Understand their pain, but don’t listen to their solutions.
“Be creative enough to invent something that's a leap jump from what [customers] might expect. “
Top advice for using customer feedback:
Search your archive of customer service requests to see what long term problems are.
Keep asking for feedback on a regular basis
Create a customer advisory board
Add feedback to the product building process
Follow feedback where possible—but don’t be afraid to say no.
Learning 3: Raise funds before you need to
Advice often differs on when you should raise funds. Some founders argue that you should stretch initial capital as far as possible, so that you then raise when you have a clear idea of what you really need the investment for.
We actually always raised funds earlier than anticipated, usually around six months before most companies might have. Some might say this was a conservative approach, but it’s always worked for us - we can keep moving ahead at full speed, with less worry that we’re going to run out of cash.
When you are starting to raise funds, I’ve learned that there are two very important things to think about.
First of all, think about the completeness of the team. Do you have the right talent in the right areas? Are you missing anyone critical? Secondly, think about the problem you are addressing. Is the market big enough? Is your vision clearly defined and, more importantly, appropriate?
If those two things are there, then there's a good chance you can raise money. I’ve seen great teams fail because their vision isn't bold or big enough, and vice versa—great ambitions, poor teams.
Learning 4: Culture needs to be clearly defined in a large, distributed company
In the early days of a startup, culture develops organically. At Pleo, we hired people we liked and who we believed in. Without making it explicit, or writing it down anywhere, our culture started to form.
In these environments, organisations can really be led by the culture of the team. With everyone in the same room, you almost don’t need to say things explicitly: your mission just runs through the organisation. Every discussion you have has this underlying joint mission, this sense of the place you’re all going together.
Over the past five years, we’ve seen Pleo grow from just a few employees in one office to around 300 people spread around the world. In a company this large and this distributed, don't think you can keep running your company just through this organic culture. You may share the same values, but the way you interpret those values might be different.
I was slow to come around to the idea of remote working. We first became distributed when one of my engineers recommended hiring a former colleague of his who was based in Canada. I quickly learned that, if you hire one person remotely, then you’re a remote workforce. You have to go all-in, otherwise that one relationship isn't successful. As soon as we first opened our office in London, it was an important lesson for us to embed remote-first ideas into our culture, so that people are extremely respectful of those who aren’t in the same office as you. This included:
Doing whole team meetings after 2PM (to factor in all timezones)
Integrating communication tools like Slack and Zoom
Introducing Zoom screens in the office, so that you can easily speak directly to people who are working remotely
Throughout this, I learned that your company culture needs to be reinforced with structure. We’re starting to work with objectives and key results (OKRs), we’re more disciplined about how we talk about our vision and mission, and we really explain what that means in the day-to-day for everyone. We talk about strategy, and how that's linked to vision and mission, so that each person can know how they are contributing to this.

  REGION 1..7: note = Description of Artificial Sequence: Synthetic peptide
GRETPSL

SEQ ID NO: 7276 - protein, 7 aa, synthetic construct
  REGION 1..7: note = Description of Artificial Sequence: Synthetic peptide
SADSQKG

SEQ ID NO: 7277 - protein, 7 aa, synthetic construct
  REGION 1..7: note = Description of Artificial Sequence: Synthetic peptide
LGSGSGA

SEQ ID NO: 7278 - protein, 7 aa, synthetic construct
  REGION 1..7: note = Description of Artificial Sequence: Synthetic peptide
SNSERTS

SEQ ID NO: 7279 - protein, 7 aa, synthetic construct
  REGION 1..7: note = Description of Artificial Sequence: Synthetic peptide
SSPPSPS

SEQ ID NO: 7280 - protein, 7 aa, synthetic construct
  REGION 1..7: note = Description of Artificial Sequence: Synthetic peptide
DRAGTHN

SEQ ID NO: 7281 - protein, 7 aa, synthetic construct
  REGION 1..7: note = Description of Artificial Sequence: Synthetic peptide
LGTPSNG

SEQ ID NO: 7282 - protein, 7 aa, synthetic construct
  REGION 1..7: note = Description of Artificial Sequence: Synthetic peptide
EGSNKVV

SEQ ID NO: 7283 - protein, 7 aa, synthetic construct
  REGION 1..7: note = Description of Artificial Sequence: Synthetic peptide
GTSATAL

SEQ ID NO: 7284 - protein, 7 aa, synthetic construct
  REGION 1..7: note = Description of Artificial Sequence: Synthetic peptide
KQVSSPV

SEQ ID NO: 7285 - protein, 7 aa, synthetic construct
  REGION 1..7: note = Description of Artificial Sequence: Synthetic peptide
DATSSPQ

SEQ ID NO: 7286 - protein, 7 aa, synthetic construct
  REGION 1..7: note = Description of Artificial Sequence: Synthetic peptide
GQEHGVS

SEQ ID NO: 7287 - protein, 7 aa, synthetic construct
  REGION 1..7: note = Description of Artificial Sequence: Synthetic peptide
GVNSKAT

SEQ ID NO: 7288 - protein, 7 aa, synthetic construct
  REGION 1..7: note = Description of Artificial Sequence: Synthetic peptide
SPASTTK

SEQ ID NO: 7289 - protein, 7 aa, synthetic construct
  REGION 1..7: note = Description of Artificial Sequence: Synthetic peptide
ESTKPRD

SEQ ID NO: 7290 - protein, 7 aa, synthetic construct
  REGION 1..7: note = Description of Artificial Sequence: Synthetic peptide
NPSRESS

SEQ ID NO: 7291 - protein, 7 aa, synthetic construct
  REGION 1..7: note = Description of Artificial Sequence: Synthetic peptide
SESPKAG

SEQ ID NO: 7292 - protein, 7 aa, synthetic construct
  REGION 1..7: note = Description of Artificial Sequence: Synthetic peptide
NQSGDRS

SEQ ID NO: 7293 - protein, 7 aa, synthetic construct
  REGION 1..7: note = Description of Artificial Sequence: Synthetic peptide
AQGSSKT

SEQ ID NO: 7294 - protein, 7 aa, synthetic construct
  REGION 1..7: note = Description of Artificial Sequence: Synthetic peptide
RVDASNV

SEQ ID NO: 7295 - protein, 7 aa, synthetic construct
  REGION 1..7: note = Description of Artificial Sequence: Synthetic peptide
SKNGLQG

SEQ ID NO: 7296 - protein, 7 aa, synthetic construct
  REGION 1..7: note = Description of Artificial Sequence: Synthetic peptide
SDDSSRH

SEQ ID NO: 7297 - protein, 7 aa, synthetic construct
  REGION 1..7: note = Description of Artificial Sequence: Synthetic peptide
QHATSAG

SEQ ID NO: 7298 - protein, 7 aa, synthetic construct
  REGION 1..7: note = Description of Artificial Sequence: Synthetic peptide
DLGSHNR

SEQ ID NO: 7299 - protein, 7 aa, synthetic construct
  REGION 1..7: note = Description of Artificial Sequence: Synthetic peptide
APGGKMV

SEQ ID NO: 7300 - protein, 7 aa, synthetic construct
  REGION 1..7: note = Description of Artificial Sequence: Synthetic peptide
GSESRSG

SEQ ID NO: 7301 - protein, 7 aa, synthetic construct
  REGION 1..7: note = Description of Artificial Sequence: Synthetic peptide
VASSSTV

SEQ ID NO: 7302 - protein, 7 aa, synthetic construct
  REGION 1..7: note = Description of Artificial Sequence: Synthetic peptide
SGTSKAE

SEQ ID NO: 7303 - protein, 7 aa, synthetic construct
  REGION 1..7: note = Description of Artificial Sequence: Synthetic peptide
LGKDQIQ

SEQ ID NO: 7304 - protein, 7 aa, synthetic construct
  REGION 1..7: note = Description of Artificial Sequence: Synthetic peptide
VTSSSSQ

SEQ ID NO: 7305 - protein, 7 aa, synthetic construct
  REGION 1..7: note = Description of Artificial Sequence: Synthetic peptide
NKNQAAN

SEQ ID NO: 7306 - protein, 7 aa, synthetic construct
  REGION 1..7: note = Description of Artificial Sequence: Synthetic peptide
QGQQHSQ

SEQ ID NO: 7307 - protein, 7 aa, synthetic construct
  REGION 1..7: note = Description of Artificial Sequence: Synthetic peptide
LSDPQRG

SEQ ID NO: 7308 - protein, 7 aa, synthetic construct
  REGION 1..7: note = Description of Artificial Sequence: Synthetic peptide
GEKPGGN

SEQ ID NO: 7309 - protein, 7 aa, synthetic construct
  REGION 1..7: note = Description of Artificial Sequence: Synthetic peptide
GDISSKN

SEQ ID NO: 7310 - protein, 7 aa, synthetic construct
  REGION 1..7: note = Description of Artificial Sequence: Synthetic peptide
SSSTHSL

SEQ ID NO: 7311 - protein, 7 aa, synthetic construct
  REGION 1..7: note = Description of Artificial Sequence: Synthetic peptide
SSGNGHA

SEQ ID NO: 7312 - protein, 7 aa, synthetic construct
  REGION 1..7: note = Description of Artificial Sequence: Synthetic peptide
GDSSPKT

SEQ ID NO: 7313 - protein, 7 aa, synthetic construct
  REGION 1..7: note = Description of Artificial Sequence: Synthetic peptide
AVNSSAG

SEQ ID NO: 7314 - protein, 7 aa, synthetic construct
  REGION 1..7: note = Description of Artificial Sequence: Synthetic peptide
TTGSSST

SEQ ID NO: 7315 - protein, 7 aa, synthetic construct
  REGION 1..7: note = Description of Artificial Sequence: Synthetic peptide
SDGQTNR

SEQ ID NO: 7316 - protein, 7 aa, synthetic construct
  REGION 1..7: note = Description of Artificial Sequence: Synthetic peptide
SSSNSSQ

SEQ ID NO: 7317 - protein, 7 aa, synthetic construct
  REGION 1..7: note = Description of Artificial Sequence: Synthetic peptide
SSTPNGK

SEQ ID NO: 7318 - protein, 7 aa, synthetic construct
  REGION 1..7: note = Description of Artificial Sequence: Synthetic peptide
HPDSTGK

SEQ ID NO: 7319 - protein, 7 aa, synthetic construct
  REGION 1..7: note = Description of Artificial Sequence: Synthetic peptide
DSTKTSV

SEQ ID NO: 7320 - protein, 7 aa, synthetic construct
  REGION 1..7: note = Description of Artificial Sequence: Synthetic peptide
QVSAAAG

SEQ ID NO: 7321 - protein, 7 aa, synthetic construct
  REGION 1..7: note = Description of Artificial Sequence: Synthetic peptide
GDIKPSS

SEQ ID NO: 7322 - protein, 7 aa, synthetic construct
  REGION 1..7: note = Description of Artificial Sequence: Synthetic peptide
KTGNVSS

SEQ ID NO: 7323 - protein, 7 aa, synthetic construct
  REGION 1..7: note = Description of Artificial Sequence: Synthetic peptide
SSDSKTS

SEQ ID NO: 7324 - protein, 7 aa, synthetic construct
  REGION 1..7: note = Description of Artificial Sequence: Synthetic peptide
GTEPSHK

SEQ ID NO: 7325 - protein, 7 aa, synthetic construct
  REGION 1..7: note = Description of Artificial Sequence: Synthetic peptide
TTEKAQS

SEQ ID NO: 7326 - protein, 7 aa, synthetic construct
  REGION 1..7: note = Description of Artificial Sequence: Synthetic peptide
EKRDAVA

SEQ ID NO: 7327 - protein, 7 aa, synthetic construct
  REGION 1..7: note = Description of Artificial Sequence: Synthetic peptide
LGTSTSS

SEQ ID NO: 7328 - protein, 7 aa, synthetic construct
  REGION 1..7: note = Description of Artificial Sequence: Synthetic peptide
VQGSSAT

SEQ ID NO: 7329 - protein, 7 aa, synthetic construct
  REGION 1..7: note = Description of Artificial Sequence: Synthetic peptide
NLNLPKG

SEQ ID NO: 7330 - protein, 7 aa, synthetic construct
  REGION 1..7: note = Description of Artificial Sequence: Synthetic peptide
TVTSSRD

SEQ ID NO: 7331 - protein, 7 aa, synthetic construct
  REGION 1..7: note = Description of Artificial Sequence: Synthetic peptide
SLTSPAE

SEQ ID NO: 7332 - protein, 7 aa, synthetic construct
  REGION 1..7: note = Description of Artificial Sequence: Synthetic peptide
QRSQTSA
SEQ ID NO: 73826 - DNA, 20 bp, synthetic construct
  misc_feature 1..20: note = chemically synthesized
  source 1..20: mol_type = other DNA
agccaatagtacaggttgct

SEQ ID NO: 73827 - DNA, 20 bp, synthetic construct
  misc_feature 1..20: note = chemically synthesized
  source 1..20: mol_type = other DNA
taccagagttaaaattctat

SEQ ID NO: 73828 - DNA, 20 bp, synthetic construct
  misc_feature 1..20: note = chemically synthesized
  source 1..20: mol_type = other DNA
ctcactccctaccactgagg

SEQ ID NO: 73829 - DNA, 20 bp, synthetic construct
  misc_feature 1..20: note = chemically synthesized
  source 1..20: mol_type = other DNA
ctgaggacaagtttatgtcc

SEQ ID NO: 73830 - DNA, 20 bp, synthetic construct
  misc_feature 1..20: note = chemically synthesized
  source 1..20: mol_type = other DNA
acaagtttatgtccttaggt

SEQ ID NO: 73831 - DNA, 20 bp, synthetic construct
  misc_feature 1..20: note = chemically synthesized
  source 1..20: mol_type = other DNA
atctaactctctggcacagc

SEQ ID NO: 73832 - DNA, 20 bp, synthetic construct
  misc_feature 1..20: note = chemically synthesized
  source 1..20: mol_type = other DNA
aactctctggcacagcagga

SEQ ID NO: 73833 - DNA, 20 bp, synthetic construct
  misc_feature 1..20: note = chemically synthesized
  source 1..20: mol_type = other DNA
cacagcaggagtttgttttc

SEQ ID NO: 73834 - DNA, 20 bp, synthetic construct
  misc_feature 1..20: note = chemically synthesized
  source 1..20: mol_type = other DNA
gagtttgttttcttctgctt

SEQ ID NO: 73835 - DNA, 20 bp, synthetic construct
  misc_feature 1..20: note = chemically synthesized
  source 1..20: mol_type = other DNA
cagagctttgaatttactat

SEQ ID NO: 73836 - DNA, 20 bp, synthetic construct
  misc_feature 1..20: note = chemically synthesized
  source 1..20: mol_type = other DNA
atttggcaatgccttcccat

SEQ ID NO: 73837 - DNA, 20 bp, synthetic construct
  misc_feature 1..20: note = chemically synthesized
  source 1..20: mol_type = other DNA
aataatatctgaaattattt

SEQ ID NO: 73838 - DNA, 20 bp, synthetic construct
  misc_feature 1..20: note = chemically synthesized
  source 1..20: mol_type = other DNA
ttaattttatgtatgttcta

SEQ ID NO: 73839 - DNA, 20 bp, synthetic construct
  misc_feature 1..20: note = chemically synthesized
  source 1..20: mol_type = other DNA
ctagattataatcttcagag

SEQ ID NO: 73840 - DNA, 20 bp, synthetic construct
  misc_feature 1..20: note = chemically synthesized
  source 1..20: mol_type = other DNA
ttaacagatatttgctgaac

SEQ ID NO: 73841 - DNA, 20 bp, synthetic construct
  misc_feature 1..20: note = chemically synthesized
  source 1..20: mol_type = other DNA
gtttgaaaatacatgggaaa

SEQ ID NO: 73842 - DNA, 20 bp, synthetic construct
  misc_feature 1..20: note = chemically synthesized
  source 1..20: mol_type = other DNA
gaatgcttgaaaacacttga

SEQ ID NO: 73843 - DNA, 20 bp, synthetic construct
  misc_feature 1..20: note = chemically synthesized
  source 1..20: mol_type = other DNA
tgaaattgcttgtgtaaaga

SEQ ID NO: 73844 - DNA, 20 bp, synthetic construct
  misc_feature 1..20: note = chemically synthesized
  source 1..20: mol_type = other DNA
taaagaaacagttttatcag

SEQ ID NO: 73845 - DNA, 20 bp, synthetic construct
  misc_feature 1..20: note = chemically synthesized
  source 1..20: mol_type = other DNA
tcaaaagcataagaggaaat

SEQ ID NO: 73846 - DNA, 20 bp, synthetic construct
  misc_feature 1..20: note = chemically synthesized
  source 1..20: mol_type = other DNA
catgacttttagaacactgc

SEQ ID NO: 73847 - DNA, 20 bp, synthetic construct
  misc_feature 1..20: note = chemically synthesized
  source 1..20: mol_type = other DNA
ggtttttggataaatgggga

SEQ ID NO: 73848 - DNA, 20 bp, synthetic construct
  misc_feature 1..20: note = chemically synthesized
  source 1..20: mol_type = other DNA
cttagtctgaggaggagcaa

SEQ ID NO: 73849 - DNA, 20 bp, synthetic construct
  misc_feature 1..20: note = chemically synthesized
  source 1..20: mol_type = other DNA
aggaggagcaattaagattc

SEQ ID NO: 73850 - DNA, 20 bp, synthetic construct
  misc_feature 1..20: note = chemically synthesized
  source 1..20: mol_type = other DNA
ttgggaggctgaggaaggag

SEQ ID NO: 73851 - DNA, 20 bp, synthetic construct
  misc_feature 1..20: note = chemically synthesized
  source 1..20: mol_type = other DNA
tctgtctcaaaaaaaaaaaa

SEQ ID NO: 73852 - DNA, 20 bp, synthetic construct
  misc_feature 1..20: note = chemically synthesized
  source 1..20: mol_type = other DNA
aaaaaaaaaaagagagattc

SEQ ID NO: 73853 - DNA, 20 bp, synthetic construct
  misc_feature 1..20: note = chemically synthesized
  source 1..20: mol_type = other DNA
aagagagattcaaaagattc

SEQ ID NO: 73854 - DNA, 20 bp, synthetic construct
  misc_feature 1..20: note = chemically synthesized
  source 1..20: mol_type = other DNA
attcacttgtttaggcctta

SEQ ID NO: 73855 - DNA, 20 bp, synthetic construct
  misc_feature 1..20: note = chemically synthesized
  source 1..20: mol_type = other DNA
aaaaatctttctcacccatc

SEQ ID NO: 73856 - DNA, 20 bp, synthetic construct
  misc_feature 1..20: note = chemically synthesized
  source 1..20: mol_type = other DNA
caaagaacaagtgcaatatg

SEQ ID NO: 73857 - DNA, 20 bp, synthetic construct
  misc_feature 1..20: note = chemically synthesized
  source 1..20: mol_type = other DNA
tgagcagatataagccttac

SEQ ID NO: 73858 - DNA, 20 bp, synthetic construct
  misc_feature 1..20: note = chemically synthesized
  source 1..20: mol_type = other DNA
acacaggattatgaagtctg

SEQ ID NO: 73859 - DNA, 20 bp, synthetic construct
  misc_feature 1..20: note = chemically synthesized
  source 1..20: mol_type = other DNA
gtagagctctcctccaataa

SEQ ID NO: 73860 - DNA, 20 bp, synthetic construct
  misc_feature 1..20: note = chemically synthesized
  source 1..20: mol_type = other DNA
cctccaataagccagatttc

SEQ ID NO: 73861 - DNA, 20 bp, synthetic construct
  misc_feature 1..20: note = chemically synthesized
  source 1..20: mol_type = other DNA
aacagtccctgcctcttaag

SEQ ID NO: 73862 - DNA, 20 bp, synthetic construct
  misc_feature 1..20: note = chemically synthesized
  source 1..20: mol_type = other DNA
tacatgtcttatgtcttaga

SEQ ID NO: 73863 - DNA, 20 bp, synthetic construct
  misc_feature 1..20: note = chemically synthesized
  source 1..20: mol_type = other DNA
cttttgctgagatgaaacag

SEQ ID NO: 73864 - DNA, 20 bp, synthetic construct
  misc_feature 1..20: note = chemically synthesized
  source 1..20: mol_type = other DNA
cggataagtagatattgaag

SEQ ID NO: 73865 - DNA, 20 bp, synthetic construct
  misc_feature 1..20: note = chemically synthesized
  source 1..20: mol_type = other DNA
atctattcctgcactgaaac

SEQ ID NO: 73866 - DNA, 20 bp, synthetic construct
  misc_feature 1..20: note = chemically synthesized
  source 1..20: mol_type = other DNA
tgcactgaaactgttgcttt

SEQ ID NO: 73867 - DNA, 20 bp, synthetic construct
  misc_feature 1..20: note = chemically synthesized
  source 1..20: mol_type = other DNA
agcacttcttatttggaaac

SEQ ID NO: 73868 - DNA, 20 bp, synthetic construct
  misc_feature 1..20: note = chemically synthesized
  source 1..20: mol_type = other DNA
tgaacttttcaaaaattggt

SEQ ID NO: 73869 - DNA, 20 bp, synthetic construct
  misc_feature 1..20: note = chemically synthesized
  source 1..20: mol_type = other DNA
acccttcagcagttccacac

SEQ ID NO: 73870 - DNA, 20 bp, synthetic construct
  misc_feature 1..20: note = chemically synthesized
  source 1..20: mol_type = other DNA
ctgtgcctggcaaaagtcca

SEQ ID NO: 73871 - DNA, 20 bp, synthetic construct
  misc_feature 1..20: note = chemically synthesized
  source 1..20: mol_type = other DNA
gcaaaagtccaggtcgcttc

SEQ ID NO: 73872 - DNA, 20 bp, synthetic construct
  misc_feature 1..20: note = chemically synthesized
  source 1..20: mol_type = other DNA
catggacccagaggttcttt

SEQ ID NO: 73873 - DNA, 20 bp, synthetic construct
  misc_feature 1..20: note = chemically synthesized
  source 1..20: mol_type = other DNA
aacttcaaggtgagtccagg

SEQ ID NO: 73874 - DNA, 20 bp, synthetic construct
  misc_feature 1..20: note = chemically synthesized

Learning 5: There is a formula for expanding into new markets
Even before the product had successfully taken off in Denmark, we were already thinking about the future possibilities of expanding into new markets. Fintech companies like Pleo have the capability to expand quickly across different countries and continents—but they come with a whole package of considerations.
We learned that there’s actually a formula for selecting the right market to expand into. Our launch team created a methodology of criteria that we’d need to evaluate for new countries, in order to determine whether launching was both achievable and worth our time. Criteria included:
The size of the market - the population, in particular the size of the target audience
The competitor landscape - where there other products or companies doing something similar who we’d have to compete with? If there weren’t, then why wasn’t anyone doing something similar?
Product options - what would we need to offer specifically to that market, and how easy would that be to deliver?
Team - do we have people on board in that country already, or would we need to recruit?
Fundraising - do we have enough capital to fund the launch? How easy would it be to raise capital there?
The UK was actually the first new market we launched into. For us, launching in the UK was incredibly important, both from a strategic point of view but also in terms of what we could achieve. For fintech businesses, the UK is the toughest market from a maturity level, and we knew it would be an incredible challenge. But if we could do it successfully, this would prove to investors that our product was sound and had great potential.
👋 Connect with me on LinkedIn if I can answer any questions.
Jeppe co-founded Pleo.io in early 2015 where he’s the CEO.
Jeppe has been noted as one of the top 100 most influential people in tech in the Nordics.
Having graduated from Copenhagen Business School, with a Master’s degree in Finance & Accounting, and from there working for the likes of McKinsey, Carnegie, FIH Partners, Chr. Hansen etc. Jeppe is a highly experienced finance professional.
Jeppe is also an angel investor in multiple start-ups in Europe and the US, primarily focusing on Fintech and Business Software.